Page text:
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The Glass Hotel by Emily St. John Mandel Read Online (FREE)

The Glass Hotel by Emily St. John Mandel Read Online

Read The Glass Hotel by Emily St. John Mandel online free here.

 

PART
ONE
1
VINCENT IN THE OCEAN
December 2018

1
Begin at the end: plummeting down the side of the ship in the storm’s wild darkness, breath gone with the shock of falling, my camera flying away through the rain—

2
Sweep me up. Words scrawled on a window when I was thirteen years old. I stepped back and let the marker drop from my hand and still I remember the exuberance of that moment, that feeling in my chest like light glinting on crushed glass—

3
Have I risen to the surface? The cold is annihilating, the cold is all there is—

4
A strange memory: standing by the shore at Caiette when I was thirteen years old, my brand-new video camera cool and strange in my hands, filming the waves in five-minute intervals, and as I’m filming I hear my own voice whispering, “I want to go home, I want to go home, I want to go home,” although where is home if not there?

 

5
Where am I? Neither in nor out of the ocean, I can’t feel the cold anymore or actually anything, I am aware of a border but I can’t tell which side I’m on, and it seems I can move between memories like walking from one room to the next—

6
“Welcome aboard,” the third mate said the first time I ever boarded the Neptune Cumberland. When I looked at him something struck me, and I thought, You—

7
I am out of time—

8
I want to see my brother. I can hear him talking to me, and my memories of him are agitating. I concentrate very hard and abruptly I’m standing on a narrow street, in the dark, in the rain, in a foreign city. A man is slumped in a doorway just across from me, and I haven’t seen my brother in a decade but I know that it’s him. Paul looks up and there’s time to notice that he looks terrible, gaunt and undone, he sees me but then the street blinks out—

 

 

 

2
I ALWAYS COME TO YOU
1994 and 1999

1
At the end of 1999, Paul was studying finance at the University of Toronto, which should have felt like triumph but everything was wrong. When he was younger he’d assumed he’d major in musical composition, but he’d sold his keyboard during a bad period a couple years back and his mother was unwilling to entertain the idea of an impractical degree, for which after several expensive rounds of rehab he couldn’t really blame her, so he’d enrolled in finance classes on the theory that this represented a practical and impressively adultlike forward direction—Look at me, learning about markets and the movements of money!—but the one flaw in this brilliant plan was that he found the topic fatally uninteresting. The century was ending and he had some complaints.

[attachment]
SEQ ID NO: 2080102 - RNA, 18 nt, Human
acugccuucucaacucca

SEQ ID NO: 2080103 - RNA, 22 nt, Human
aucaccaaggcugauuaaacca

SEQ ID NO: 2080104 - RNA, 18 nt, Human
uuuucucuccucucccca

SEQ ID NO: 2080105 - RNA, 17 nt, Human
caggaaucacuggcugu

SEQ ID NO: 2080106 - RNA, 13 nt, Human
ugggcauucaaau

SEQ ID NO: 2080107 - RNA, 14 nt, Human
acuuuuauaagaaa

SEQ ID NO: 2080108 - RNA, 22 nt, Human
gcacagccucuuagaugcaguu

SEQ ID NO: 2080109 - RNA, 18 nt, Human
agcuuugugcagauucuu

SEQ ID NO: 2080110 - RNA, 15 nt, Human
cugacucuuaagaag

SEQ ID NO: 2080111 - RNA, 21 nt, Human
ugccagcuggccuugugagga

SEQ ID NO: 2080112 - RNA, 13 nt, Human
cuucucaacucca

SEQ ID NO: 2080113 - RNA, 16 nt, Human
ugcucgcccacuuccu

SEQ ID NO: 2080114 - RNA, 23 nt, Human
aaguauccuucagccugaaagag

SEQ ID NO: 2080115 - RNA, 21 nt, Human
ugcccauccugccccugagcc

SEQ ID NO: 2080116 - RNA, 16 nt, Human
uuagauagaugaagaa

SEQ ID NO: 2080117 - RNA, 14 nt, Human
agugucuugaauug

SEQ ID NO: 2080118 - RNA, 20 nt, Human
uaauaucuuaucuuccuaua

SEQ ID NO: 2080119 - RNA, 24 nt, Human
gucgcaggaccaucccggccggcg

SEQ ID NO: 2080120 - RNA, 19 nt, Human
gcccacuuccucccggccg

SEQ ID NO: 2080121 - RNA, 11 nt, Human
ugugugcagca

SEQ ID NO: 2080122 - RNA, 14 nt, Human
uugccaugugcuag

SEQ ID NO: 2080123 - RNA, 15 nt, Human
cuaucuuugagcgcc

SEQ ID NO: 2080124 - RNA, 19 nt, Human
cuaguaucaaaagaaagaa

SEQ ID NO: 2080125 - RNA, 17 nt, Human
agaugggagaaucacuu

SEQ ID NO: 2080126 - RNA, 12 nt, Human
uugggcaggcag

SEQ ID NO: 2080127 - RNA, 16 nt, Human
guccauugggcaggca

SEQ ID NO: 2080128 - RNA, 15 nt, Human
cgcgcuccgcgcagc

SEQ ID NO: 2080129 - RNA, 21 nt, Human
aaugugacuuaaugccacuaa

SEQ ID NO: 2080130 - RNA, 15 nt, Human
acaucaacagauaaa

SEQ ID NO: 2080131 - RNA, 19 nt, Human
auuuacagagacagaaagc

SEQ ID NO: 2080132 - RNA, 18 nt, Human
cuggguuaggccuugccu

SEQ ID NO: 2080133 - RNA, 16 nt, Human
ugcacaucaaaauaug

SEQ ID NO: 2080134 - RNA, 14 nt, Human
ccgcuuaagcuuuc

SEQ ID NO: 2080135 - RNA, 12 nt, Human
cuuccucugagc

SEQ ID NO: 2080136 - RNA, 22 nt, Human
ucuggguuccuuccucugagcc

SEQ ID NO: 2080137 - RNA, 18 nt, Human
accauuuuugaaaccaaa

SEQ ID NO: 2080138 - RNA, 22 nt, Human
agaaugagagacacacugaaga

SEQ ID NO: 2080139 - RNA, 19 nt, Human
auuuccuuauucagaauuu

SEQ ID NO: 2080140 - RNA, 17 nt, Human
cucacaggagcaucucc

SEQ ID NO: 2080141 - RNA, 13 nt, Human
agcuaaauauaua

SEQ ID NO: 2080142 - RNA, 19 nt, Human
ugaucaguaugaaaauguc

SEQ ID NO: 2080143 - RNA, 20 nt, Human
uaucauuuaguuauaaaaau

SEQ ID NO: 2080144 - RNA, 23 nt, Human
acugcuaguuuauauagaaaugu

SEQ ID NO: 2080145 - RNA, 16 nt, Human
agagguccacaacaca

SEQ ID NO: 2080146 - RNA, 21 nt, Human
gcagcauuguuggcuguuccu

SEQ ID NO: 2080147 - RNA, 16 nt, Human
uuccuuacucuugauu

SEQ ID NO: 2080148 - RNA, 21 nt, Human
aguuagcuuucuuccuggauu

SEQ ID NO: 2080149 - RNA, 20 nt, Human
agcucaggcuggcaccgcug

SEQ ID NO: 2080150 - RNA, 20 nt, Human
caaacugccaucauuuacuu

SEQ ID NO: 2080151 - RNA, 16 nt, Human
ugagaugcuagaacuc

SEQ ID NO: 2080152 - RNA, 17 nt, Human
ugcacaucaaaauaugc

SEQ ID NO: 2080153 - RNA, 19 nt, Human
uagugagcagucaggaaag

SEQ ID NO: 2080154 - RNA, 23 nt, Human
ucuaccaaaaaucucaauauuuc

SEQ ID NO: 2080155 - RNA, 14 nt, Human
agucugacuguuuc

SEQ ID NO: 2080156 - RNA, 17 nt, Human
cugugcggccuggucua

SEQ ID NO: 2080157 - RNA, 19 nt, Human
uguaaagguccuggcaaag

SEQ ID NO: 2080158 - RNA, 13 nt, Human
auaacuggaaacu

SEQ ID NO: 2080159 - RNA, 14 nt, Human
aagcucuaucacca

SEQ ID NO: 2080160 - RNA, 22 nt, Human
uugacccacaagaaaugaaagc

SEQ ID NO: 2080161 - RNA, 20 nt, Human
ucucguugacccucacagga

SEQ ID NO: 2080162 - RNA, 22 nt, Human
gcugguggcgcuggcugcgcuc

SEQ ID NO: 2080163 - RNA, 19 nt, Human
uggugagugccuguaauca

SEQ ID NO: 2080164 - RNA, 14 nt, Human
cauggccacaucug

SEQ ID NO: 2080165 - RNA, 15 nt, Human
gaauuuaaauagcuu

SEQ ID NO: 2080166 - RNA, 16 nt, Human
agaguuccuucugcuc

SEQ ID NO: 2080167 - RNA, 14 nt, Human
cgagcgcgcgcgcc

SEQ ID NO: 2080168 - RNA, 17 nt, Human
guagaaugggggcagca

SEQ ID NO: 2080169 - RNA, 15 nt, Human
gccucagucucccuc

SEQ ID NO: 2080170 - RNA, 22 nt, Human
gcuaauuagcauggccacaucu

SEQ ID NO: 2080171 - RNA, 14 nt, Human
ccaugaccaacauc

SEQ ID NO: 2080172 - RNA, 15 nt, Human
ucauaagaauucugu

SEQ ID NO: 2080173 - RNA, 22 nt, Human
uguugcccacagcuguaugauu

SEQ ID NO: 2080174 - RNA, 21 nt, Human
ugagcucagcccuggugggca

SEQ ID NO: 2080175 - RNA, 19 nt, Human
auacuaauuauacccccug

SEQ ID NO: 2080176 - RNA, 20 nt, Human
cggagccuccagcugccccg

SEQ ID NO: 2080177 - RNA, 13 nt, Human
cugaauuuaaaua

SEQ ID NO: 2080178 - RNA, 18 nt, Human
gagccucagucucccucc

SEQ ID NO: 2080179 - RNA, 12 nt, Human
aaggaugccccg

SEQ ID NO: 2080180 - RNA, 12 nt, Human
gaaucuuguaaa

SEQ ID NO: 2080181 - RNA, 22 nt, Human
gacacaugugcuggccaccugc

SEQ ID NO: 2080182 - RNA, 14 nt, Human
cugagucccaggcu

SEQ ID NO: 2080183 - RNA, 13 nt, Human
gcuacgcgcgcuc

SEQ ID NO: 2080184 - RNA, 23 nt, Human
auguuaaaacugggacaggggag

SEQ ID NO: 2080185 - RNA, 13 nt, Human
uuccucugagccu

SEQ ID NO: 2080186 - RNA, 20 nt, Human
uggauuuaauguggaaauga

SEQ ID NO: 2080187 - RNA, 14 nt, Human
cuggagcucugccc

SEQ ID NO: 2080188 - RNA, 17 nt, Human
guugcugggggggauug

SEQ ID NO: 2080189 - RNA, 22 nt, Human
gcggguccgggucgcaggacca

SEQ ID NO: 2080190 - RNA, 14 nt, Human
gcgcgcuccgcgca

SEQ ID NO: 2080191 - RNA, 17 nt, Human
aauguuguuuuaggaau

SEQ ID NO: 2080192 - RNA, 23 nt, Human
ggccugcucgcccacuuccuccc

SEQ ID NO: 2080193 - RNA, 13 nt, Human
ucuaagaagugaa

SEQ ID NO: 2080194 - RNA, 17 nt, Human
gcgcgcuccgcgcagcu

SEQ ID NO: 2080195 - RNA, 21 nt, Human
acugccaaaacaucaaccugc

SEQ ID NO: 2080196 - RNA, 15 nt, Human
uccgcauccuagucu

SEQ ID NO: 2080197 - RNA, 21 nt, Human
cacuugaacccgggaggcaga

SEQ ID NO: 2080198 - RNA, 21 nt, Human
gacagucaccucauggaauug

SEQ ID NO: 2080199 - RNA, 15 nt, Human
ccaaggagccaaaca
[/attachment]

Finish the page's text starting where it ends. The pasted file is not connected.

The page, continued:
He’d expected that at the very least he’d be able to slip into a decent social scene, but the problem with dropping out of the world is that the world moves on without you, and between the time spent on an all-consuming substance and the time spent working soul-crushing retail jobs while he tried not to think about the substance and the time spent in hospitals and rehab facilities, Paul was twenty-three years old and looked older. In the first few weeks of school he went to parties, but he’d never been good at striking up conversations with strangers, and everyone just seemed so young to him. He did poorly on the midterms, so by late October he was spending all his time either in the library—reading, struggling to take an interest in finance, trying to turn it around—or in his room, while the city grew colder around him. The room was a single, because one of the very few things he and his mother had agreed on was that it would be disastrous if Paul had a roommate and the roommate was into opioids, so he was almost always alone. The room was so small that he was claustrophobic unless he sat directly in front of the window. His interactions with other people were few and superficial. There was a dark cloud of exams on the near horizon, but studying was hopeless. He kept trying to focus on probability theory and discrete-time martingales, but his thoughts kept sliding toward a piano composition that he knew he’d never finish, this very straightforward C-major situation except with little flights of destabilizing minor chords.